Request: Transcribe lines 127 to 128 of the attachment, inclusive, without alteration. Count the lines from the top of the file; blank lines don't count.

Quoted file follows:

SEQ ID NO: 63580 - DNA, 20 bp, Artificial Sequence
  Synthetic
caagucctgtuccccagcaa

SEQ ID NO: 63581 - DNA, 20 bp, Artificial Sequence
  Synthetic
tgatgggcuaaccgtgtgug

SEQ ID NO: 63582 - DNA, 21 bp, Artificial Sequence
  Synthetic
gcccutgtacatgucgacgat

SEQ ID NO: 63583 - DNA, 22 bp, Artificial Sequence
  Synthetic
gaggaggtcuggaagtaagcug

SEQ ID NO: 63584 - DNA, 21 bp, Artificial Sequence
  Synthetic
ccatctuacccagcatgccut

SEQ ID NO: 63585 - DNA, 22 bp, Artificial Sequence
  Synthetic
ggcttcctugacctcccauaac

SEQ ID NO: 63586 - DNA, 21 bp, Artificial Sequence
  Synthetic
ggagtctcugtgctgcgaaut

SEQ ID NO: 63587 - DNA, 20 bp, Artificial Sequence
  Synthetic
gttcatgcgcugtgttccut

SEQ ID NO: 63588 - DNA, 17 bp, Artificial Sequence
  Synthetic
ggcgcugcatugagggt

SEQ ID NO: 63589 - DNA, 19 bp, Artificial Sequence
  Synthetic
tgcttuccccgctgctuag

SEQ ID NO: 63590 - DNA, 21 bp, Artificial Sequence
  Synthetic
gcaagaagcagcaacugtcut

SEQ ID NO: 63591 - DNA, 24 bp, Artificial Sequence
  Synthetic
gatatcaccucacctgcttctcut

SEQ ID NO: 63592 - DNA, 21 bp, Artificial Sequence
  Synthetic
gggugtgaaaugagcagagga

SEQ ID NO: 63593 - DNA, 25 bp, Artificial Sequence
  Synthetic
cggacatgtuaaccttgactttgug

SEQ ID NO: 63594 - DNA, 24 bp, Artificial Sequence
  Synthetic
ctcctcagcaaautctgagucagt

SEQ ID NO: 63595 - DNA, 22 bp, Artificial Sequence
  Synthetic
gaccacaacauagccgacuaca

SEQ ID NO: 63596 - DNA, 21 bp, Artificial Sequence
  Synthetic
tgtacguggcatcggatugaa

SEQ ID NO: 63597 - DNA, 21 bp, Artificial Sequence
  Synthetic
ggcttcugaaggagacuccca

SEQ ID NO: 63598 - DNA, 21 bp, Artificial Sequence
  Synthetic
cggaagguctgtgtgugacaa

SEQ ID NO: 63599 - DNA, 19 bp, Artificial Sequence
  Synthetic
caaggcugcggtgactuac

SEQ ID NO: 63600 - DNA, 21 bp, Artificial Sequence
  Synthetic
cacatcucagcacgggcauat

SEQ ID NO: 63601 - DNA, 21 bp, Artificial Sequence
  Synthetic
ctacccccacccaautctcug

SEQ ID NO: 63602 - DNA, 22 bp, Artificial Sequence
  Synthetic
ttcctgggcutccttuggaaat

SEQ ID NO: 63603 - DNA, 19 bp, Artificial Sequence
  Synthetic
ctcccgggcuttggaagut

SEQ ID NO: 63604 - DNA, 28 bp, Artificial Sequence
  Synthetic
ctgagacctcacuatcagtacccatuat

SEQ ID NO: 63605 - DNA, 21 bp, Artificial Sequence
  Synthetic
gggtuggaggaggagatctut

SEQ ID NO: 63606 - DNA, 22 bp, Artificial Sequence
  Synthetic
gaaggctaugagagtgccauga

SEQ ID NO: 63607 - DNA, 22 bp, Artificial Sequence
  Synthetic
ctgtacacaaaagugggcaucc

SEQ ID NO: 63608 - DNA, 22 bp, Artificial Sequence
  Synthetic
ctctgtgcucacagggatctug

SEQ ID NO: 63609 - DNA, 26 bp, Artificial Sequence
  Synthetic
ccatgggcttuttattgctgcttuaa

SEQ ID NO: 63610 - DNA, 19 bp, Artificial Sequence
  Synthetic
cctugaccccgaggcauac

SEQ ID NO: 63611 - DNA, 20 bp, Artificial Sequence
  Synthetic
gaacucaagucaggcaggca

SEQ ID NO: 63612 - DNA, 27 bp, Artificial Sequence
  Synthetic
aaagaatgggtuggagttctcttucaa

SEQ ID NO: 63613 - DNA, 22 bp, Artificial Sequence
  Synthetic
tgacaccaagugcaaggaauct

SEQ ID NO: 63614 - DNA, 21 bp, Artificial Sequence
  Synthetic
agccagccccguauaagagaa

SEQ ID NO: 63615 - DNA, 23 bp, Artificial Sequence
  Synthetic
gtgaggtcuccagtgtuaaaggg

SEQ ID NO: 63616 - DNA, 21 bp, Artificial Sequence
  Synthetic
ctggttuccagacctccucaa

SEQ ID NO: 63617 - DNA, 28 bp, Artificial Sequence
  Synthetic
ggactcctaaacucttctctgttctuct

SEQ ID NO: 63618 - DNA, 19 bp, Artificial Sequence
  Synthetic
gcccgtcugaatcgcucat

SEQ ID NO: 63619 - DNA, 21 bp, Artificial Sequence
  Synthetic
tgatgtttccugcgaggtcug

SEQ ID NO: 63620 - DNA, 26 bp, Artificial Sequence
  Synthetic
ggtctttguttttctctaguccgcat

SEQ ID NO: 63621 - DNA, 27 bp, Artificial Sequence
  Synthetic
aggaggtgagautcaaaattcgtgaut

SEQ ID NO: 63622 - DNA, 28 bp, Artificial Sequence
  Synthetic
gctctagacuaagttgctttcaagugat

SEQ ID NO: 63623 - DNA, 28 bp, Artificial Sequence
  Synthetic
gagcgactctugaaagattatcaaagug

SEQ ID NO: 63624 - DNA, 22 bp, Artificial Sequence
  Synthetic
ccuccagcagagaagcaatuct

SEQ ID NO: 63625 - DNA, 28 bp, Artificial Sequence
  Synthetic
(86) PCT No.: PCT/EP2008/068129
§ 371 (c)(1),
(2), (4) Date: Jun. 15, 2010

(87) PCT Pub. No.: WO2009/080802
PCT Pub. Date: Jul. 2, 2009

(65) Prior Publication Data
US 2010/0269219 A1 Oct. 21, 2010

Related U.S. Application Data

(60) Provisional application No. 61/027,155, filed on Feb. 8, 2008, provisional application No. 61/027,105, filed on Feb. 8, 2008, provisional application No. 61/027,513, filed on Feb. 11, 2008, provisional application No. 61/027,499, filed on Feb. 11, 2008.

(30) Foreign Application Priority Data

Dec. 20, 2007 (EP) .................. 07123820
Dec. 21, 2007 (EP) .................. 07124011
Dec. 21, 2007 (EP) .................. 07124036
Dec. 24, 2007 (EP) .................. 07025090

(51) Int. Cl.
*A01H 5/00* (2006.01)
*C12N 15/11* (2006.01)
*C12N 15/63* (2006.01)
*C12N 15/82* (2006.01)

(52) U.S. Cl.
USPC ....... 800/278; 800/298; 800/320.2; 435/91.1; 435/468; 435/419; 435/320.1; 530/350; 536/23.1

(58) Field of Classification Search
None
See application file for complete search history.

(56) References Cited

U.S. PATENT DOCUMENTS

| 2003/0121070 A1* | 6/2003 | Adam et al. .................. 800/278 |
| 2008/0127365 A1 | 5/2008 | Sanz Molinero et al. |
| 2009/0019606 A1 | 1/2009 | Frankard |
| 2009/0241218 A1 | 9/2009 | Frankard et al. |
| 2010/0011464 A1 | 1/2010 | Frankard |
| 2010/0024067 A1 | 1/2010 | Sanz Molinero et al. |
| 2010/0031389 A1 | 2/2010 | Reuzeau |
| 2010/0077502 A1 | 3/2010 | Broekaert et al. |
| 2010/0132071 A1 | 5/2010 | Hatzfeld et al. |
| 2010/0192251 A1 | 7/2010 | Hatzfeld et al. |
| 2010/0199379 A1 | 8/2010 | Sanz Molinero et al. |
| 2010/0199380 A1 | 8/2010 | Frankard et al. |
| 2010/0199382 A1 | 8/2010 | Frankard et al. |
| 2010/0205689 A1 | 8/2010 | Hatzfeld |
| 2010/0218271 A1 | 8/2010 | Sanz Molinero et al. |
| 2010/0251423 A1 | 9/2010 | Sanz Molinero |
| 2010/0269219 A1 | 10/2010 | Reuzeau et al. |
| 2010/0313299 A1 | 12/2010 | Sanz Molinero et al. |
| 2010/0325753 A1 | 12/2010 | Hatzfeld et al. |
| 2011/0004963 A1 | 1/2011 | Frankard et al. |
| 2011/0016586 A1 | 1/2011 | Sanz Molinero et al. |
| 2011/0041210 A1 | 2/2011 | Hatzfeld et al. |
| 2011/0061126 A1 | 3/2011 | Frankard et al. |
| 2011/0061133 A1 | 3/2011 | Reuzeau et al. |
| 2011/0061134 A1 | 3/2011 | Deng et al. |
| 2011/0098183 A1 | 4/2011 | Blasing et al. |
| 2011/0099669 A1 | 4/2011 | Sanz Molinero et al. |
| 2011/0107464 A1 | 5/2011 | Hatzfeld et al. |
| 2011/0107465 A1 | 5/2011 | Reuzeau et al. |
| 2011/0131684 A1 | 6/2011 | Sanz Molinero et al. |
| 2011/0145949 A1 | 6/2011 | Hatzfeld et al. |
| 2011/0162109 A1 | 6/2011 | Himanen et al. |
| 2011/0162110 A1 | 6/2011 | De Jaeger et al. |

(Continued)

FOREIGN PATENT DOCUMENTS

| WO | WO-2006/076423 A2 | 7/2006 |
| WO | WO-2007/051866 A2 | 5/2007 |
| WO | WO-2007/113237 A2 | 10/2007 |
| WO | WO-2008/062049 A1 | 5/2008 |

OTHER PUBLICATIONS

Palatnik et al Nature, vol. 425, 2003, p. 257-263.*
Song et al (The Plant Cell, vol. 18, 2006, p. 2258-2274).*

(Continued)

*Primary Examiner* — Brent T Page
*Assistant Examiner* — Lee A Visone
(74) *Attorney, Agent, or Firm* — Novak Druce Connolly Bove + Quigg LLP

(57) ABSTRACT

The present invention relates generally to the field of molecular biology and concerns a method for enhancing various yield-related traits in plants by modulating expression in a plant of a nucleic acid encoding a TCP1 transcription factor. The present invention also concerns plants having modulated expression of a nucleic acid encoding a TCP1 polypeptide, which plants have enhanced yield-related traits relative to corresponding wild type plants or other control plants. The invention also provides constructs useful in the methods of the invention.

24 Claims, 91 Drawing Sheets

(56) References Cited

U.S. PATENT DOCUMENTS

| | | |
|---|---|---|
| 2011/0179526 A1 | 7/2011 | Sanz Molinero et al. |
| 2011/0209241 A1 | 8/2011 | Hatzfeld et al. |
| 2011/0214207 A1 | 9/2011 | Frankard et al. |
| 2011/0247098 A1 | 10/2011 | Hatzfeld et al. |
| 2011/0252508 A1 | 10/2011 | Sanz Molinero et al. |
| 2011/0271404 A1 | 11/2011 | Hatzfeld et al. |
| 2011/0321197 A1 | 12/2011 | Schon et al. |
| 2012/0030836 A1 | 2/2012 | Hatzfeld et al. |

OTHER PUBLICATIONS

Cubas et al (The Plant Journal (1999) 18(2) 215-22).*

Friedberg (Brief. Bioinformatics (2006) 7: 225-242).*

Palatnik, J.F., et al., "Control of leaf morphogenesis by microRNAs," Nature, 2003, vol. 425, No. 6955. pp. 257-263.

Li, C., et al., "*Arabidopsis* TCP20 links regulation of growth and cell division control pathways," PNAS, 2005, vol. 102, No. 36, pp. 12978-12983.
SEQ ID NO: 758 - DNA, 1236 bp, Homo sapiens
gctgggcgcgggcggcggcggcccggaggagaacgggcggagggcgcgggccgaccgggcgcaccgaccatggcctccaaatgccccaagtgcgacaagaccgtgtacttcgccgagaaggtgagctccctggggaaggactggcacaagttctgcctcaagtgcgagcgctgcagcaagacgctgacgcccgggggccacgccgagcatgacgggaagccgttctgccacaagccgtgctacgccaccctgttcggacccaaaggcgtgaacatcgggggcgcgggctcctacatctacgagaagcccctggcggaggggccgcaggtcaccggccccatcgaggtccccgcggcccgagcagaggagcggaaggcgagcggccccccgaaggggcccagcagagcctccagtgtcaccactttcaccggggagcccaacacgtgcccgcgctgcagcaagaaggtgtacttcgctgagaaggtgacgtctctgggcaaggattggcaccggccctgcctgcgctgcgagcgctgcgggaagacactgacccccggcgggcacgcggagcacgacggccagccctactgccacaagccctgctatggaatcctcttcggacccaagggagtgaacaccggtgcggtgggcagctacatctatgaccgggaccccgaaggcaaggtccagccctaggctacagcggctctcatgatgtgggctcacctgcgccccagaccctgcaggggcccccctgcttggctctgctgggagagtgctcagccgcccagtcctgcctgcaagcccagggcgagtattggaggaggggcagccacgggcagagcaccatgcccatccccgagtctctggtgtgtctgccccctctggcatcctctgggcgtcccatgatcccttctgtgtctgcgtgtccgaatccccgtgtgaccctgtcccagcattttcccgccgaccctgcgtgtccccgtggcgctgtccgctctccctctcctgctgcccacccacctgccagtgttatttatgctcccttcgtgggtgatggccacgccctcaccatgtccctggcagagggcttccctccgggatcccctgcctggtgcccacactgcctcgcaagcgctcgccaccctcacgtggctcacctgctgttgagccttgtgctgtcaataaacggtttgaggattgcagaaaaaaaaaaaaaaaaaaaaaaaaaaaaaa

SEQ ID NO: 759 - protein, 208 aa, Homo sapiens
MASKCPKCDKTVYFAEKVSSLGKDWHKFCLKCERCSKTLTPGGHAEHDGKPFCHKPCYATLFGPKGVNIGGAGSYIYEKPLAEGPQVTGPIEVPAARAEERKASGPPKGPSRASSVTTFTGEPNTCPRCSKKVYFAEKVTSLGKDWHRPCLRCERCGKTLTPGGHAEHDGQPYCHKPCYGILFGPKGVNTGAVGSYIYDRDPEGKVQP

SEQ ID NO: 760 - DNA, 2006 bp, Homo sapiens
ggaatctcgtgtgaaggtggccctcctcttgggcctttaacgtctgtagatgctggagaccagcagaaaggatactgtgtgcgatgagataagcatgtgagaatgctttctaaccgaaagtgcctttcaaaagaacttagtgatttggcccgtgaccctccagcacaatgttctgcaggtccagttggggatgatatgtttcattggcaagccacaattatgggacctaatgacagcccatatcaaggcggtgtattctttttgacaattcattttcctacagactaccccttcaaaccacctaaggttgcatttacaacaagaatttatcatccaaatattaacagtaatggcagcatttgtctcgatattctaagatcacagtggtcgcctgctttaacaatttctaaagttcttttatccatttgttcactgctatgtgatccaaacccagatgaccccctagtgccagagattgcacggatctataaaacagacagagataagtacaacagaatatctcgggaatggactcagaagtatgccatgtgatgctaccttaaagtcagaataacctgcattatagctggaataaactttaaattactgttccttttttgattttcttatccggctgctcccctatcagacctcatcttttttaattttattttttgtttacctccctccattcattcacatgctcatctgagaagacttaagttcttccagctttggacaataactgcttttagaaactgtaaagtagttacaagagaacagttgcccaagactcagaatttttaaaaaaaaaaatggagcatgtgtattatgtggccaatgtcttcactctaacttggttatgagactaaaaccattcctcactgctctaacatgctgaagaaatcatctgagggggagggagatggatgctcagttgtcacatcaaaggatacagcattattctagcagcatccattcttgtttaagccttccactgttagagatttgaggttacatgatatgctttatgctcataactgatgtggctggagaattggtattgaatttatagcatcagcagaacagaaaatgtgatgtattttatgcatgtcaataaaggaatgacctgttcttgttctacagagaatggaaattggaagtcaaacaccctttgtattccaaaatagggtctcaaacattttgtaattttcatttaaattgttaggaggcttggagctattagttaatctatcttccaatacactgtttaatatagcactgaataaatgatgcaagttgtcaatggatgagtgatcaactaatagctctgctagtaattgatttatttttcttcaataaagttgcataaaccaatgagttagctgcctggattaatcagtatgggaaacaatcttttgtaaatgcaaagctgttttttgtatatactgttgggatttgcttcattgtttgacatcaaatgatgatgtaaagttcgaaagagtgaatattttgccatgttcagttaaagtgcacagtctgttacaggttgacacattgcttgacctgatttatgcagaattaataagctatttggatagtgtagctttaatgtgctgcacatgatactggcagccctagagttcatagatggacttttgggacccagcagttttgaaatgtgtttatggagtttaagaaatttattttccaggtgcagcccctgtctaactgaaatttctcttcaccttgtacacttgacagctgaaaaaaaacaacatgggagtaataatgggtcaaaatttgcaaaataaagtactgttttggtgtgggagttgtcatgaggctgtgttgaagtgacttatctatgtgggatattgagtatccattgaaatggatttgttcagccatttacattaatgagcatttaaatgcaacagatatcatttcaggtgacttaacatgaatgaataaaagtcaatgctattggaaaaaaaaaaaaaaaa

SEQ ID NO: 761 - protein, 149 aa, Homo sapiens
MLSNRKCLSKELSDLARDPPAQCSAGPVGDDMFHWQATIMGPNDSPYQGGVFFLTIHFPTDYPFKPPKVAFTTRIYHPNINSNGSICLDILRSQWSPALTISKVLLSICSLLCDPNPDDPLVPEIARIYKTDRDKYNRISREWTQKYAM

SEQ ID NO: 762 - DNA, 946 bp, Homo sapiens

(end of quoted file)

SEQ ID NO: 63622 - DNA, 28 bp, Artificial Sequence
  Synthetic